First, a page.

There are many unsubstantiated stories about the game going back to Henry VIII who gets credited with the responsibility - as he does for many legendary historical matters that usually turn out to be apocryphal.  The story goes that he wanted people to practice archery all year round and since no one wanted to be out in the nasty cold, wet, winters,  the practice came indoors with the bottom of barrels and sawn off tree trunks used as a board. However, there is no provenance for this ever having taken place.  The same goes for Ann Boleyn supposedly giving Henry a magnificent set of darts in a case. It never happened except in romantic imagination.

There is an idea that the first darts were made from broken arrows that were sharpened and then thrown at the ends of wine casks for amusement.  Or perhaps crossbow bolts shot into wine tuns. Another game called 'Puff and Dart' goes back to the 16th century.  It was played in taverns and involved blowing small darts through a tub at a numbered target and it's thought it might well be an ancestor of the modern game. It was, however, considered old hat by the time Queen Victoria came to the throne. It could be fatal if one inhaled rather than blowing out and ingested the dart!   By the mid to late Victorian period, there was a fairground game known in Britain as 'French Darts' whereby the punters would throw wooden darts at a numbered target. The end of the dart had a metal point and the 'flight' was made from turkey feathers. By 1906 a metal barrel had been patented in the United States and in 1908 darts was judged a game of 'skill' rather than 'chance' in a Leeds magistrates court and began its rise in into popular and especially pub culture.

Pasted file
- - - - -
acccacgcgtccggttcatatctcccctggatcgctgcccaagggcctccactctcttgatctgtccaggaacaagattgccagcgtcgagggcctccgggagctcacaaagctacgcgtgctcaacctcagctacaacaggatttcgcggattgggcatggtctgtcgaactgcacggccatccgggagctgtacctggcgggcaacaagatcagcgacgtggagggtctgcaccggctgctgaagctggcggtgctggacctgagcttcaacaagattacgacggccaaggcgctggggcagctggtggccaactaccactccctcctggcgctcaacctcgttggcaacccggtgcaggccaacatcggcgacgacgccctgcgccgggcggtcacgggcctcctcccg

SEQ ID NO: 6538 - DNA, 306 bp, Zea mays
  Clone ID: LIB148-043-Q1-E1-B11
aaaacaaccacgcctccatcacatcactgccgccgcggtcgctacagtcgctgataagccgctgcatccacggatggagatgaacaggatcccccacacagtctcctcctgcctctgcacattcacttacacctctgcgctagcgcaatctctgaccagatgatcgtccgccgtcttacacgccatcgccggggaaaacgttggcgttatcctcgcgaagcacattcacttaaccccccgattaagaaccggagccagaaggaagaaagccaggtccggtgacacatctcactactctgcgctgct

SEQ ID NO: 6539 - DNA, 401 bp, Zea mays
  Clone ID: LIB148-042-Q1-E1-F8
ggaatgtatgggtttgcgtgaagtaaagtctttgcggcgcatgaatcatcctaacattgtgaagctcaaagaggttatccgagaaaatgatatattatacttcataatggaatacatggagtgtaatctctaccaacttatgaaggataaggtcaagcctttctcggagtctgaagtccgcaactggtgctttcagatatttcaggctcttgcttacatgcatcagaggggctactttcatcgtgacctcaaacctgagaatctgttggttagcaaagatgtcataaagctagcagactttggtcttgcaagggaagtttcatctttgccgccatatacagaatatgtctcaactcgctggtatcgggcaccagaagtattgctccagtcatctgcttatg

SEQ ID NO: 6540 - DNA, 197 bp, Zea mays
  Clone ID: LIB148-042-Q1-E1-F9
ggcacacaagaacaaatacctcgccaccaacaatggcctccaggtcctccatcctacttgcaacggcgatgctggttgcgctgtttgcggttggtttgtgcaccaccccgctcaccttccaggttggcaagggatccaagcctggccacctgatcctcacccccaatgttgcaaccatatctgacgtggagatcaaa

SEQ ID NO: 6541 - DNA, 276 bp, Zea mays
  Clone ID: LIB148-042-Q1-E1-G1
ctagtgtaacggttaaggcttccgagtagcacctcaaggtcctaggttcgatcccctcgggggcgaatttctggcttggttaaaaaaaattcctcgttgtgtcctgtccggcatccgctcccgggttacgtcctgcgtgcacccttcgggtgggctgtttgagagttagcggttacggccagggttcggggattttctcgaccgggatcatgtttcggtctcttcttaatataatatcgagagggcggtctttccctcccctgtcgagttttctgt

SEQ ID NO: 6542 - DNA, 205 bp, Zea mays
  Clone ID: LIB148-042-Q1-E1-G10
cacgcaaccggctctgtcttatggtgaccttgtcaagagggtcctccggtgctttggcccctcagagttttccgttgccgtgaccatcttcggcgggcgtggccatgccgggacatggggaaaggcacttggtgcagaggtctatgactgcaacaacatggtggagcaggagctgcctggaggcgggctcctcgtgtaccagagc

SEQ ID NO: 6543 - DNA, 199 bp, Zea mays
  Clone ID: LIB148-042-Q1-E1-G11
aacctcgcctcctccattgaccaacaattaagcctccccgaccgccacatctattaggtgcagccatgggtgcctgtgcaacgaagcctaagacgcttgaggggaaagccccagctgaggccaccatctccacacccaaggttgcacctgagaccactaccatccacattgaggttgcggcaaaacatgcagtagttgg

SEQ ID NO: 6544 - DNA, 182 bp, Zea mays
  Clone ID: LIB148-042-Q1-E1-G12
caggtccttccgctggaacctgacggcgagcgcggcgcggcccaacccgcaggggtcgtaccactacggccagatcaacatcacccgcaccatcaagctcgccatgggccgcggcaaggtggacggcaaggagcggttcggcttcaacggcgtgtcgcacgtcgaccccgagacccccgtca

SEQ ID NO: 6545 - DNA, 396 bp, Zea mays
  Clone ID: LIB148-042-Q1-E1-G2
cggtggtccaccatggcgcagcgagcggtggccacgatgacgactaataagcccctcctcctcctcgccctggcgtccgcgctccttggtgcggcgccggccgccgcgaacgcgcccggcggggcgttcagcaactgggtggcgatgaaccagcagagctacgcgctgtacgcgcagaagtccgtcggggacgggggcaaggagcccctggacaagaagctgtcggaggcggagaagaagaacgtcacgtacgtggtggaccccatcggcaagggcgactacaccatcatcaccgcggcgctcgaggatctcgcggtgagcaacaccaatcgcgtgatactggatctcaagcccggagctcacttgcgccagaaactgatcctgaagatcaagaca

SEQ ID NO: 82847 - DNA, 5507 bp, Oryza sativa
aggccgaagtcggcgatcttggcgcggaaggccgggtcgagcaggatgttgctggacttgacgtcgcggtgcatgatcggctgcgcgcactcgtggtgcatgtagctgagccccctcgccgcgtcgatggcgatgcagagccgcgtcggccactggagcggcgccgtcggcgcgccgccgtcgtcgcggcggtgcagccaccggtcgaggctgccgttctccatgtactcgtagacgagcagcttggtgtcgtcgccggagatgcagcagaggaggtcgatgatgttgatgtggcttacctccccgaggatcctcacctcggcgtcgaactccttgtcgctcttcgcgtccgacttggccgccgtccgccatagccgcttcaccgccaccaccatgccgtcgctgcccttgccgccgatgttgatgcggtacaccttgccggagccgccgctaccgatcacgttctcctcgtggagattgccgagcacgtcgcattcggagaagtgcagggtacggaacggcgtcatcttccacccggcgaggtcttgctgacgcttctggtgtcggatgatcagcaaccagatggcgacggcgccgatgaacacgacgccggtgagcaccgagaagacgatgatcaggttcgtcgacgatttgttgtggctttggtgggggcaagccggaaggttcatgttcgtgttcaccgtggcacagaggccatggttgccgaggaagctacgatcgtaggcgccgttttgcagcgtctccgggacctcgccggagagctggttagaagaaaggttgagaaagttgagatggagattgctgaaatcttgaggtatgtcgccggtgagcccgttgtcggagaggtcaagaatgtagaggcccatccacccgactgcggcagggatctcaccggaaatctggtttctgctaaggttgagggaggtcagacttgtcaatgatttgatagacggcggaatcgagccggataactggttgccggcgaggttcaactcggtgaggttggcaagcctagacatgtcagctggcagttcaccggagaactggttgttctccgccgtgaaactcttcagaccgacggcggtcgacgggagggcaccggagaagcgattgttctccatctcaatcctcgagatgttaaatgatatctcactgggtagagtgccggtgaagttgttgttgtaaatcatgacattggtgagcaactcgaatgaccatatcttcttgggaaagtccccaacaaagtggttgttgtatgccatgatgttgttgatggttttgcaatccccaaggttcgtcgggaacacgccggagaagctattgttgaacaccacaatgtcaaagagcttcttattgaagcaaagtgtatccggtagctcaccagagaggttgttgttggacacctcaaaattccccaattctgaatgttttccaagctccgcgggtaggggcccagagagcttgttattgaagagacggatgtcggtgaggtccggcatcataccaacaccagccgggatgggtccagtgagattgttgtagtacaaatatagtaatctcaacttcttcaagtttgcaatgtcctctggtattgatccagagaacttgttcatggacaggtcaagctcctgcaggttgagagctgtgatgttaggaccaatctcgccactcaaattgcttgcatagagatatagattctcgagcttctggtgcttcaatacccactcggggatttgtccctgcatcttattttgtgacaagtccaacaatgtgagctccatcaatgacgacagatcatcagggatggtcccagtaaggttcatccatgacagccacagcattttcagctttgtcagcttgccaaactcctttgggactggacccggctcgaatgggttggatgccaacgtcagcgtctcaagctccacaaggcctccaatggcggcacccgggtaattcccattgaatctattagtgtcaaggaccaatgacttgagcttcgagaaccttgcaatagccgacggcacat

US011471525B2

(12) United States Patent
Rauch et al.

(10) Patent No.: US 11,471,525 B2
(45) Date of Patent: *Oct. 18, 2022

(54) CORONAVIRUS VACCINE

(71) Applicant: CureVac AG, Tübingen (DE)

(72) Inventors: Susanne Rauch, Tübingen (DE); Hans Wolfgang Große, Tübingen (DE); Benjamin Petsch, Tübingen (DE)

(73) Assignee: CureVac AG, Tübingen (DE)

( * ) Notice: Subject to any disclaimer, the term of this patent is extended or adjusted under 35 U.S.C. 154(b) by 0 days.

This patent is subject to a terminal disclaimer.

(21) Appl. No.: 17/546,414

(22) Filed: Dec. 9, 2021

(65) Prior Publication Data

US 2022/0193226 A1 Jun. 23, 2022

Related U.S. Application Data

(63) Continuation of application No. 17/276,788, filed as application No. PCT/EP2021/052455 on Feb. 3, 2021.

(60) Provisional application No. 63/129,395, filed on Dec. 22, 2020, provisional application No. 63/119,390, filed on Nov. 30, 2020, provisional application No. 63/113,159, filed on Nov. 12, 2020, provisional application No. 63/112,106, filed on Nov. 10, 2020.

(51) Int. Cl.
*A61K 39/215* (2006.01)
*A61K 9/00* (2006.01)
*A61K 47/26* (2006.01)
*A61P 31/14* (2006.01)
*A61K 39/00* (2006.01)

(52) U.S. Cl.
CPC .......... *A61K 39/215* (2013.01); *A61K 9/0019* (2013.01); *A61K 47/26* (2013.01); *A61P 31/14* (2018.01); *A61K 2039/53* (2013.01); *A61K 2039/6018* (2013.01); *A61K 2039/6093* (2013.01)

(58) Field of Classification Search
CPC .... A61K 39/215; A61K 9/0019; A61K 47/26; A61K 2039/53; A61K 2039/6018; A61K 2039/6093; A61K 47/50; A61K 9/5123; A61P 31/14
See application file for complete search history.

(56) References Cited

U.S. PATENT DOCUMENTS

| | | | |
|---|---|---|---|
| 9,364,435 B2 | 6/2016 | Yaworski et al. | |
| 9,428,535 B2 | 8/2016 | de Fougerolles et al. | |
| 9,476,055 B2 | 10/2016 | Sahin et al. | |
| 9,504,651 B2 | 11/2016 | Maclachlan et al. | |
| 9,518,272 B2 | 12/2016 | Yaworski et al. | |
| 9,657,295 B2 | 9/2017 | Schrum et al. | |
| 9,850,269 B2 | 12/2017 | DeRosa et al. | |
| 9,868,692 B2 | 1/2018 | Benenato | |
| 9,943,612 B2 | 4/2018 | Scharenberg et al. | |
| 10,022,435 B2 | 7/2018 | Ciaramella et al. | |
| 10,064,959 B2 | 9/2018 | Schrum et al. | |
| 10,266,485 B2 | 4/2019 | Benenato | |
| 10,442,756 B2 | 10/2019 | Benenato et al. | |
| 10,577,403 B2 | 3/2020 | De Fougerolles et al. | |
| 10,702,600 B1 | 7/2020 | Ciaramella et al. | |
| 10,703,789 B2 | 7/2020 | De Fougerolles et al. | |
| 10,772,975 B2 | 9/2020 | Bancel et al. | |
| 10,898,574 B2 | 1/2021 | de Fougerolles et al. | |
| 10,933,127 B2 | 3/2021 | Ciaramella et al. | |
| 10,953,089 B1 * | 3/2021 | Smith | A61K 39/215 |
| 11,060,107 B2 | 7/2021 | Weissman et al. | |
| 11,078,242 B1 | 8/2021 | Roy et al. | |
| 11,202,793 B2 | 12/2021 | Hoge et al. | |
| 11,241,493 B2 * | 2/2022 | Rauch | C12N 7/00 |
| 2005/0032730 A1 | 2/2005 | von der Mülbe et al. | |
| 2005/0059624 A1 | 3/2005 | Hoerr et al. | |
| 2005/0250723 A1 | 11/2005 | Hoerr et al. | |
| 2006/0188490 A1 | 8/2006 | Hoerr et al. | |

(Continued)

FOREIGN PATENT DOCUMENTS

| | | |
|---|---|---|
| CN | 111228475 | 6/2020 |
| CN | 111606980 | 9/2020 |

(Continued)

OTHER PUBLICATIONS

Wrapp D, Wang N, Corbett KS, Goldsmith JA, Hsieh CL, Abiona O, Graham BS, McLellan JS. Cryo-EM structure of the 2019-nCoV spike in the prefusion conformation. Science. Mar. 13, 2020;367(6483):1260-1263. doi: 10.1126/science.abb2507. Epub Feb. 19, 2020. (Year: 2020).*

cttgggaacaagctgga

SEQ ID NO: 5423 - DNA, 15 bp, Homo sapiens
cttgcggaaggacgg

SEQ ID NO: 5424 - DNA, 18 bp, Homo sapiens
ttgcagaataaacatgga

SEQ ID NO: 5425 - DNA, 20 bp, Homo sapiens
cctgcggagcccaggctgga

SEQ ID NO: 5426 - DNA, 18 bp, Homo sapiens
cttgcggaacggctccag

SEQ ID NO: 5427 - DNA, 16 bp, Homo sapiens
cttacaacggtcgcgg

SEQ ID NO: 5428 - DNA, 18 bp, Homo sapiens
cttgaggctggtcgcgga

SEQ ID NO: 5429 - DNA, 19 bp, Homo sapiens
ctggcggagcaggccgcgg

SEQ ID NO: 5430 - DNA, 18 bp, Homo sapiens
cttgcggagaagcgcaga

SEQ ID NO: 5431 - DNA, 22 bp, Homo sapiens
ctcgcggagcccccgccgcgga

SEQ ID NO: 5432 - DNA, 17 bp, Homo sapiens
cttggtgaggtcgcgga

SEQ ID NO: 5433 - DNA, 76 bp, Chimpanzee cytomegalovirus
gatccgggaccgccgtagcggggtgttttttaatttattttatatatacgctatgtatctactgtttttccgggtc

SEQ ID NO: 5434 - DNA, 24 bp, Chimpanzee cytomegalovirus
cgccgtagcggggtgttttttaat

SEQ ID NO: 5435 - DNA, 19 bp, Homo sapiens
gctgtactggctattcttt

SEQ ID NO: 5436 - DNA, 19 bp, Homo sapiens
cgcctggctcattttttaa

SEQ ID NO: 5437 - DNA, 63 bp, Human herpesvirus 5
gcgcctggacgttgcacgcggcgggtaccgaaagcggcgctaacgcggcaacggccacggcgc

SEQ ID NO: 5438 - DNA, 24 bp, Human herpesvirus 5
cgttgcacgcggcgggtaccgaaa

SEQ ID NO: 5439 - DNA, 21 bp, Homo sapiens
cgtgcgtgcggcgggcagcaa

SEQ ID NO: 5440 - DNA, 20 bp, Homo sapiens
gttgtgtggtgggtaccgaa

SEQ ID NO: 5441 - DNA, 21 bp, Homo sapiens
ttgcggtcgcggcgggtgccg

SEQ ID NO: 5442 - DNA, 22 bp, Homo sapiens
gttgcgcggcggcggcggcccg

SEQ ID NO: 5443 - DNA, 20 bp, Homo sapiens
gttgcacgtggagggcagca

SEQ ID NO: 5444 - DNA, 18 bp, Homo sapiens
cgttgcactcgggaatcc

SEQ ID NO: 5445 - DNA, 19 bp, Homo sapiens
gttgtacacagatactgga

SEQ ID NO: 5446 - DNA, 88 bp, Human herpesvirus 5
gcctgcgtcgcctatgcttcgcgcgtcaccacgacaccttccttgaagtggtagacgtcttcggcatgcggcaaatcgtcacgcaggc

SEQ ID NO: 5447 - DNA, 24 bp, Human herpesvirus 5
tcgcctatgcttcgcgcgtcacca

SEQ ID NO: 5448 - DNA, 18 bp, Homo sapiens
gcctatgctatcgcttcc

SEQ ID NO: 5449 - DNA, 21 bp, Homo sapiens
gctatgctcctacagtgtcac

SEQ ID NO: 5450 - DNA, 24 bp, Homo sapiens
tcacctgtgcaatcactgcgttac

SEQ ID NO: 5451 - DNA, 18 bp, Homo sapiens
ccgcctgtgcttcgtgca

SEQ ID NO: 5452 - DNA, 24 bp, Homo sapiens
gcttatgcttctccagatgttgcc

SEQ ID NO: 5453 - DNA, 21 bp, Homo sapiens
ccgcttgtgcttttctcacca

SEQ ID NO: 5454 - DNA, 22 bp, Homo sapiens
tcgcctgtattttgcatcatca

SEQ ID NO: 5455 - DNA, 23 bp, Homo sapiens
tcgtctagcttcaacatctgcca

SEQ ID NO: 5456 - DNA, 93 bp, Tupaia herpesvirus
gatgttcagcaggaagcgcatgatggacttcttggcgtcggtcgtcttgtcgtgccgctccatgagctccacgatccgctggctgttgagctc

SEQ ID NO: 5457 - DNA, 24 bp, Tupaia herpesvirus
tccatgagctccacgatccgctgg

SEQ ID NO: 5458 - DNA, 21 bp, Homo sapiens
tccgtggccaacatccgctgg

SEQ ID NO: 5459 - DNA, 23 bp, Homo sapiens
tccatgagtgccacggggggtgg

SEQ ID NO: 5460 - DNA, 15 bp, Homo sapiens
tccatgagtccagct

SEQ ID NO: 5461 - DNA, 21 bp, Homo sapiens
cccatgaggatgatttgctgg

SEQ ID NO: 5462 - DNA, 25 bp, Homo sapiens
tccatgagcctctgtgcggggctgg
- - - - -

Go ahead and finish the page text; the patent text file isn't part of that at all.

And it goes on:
My darts, complete with the Scarlet
Lion Marshal blazon! 
In 1896, a Lancashire carpenter named Brian Gamlin devised the current board numbering system (he died in 1903 before he could patent it) which is designed to reward accuracy and penalise inaccuracy. For example the high scoring twenty at the top of the board is bordered by a five and a one.  So instead of scoring sixty with three straight darts, if you err to one side, you can end up scoring three! Similarly the nineteen near the foot of the board is bordered by three and seven.

Although Gamlin set the number pattern, doubles and trebles were not part of the early game (the outer and inner coloured bands on the board) and the highest score was the bull's eye in the centre. Darts boards were not regularised until the 1930's, and even then, regional variations remained strong.  Gamlin, it is thought, was a fairground man himself, and his number invention certainly helped to make sure that the drunk punters visited the darts booth, didn't have a high success rate!

Darts boards themselves, originally made of wood, were, by the 1930's composed of sisal fibre, today's 'bristle' board, which, unlike wooden boards, did not have to be soaked overnight and lasted much longer.

Darts today is an international affair and big business - not without its socio-political controversies such as the banning of the darts 'walk-on' girls in TV darts contests, where some saw the ladies as providing a bit of glamour, and others regarded it as exploitation having no place in current society.

Be that as it may.  In my own patch of inner city Nottingham, such matters are far from our minds. To the strains of Roy Orbison Driving all Night on the landlady's CD player, we step up to the oche, set  our shoulders, aim our 'arrows' and 'Game on!'
Team member Janet Cummings demonstrates one hundred and eighty! 
Note:  For anyone interested in reading more or who has a general curiosity about darts and pub games, I can highly recommend this website. My blog is just a coffee time snapshot, but Patrick Chaplin  will keep you busy for a week!